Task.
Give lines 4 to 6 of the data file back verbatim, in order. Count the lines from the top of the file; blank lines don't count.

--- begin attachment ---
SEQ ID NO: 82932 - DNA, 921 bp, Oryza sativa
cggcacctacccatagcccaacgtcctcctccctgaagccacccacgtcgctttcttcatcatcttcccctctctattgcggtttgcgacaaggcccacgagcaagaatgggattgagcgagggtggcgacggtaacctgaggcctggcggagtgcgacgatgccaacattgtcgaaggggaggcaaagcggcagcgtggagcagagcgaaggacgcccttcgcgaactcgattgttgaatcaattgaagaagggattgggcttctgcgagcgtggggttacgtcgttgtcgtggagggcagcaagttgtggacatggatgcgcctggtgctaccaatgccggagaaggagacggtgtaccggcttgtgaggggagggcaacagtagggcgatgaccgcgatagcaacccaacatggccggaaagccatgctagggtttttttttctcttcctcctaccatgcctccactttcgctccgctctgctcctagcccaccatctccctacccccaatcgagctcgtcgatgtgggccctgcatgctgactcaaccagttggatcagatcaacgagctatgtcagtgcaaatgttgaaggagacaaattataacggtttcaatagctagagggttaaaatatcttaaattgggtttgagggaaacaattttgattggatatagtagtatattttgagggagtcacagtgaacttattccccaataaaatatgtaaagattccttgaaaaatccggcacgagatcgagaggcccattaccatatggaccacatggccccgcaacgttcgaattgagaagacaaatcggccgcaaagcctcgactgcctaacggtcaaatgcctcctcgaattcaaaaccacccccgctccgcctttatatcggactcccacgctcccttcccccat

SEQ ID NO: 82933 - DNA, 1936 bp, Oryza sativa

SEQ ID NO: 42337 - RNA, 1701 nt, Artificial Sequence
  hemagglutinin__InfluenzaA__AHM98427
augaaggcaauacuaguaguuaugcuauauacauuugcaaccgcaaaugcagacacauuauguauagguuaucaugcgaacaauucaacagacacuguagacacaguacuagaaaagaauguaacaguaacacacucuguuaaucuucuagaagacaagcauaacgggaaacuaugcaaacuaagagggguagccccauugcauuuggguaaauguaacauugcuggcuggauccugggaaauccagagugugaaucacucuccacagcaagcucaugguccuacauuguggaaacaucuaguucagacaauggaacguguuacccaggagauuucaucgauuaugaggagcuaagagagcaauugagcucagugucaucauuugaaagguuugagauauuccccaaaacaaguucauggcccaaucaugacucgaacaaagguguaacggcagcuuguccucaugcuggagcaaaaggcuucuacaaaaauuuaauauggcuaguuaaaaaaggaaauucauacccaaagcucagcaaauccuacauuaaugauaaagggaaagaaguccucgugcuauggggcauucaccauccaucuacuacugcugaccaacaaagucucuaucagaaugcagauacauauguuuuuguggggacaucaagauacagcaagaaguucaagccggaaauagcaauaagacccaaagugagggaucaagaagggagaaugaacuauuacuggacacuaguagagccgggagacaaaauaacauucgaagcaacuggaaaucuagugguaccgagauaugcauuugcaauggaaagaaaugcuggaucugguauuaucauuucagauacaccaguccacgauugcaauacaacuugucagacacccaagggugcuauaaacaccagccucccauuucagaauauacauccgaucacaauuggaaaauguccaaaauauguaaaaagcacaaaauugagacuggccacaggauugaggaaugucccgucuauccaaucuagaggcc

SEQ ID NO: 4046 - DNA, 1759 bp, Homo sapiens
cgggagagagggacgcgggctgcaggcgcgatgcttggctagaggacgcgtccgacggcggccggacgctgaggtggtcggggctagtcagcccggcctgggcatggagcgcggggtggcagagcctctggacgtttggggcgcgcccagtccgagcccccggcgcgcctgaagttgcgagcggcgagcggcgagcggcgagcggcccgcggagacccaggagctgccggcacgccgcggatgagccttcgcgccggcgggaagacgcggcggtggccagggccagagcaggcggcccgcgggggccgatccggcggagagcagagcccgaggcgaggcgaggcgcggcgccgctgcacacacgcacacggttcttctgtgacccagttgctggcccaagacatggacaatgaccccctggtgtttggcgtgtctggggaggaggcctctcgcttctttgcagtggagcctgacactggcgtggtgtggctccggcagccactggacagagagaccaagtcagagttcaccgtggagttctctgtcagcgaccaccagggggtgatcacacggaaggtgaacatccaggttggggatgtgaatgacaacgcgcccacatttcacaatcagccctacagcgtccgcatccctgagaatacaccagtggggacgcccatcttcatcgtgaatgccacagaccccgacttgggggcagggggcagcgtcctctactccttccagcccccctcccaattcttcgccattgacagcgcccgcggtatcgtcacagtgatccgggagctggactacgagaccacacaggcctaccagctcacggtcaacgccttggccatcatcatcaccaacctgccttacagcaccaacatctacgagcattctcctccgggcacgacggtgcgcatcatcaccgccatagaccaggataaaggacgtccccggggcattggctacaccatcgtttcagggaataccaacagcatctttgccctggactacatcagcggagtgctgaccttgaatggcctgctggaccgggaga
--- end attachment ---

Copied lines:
SEQ ID NO: 42337 - RNA, 1701 nt, Artificial Sequence
  hemagglutinin__InfluenzaA__AHM98427
augaaggcaauacuaguaguuaugcuauauacauuugcaaccgcaaaugcagacacauuauguauagguuaucaugcgaacaauucaacagacacuguagacacaguacuagaaaagaauguaacaguaacacacucuguuaaucuucuagaagacaagcauaacgggaaacuaugcaaacuaagagggguagccccauugcauuuggguaaauguaacauugcuggcuggauccugggaaauccagagugugaaucacucuccacagcaagcucaugguccuacauuguggaaacaucuaguucagacaauggaacguguuacccaggagauuucaucgauuaugaggagcuaagagagcaauugagcucagugucaucauuugaaagguuugagauauuccccaaaacaaguucauggcccaaucaugacucgaacaaagguguaacggcagcuuguccucaugcuggagcaaaaggcuucuacaaaaauuuaauauggcuaguuaaaaaaggaaauucauacccaaagcucagcaaauccuacauuaaugauaaagggaaagaaguccucgugcuauggggcauucaccauccaucuacuacugcugaccaacaaagucucuaucagaaugcagauacauauguuuuuguggggacaucaagauacagcaagaaguucaagccggaaauagcaauaagacccaaagugagggaucaagaagggagaaugaacuauuacuggacacuaguagagccgggagacaaaauaacauucgaagcaacuggaaaucuagugguaccgagauaugcauuugcaauggaaagaaaugcuggaucugguauuaucauuucagauacaccaguccacgauugcaauacaacuugucagacacccaagggugcuauaaacaccagccucccauuucagaauauacauccgaucacaauuggaaaauguccaaaauauguaaaaagcacaaaauugagacuggccacaggauugaggaaugucccgucuauccaaucuagaggcc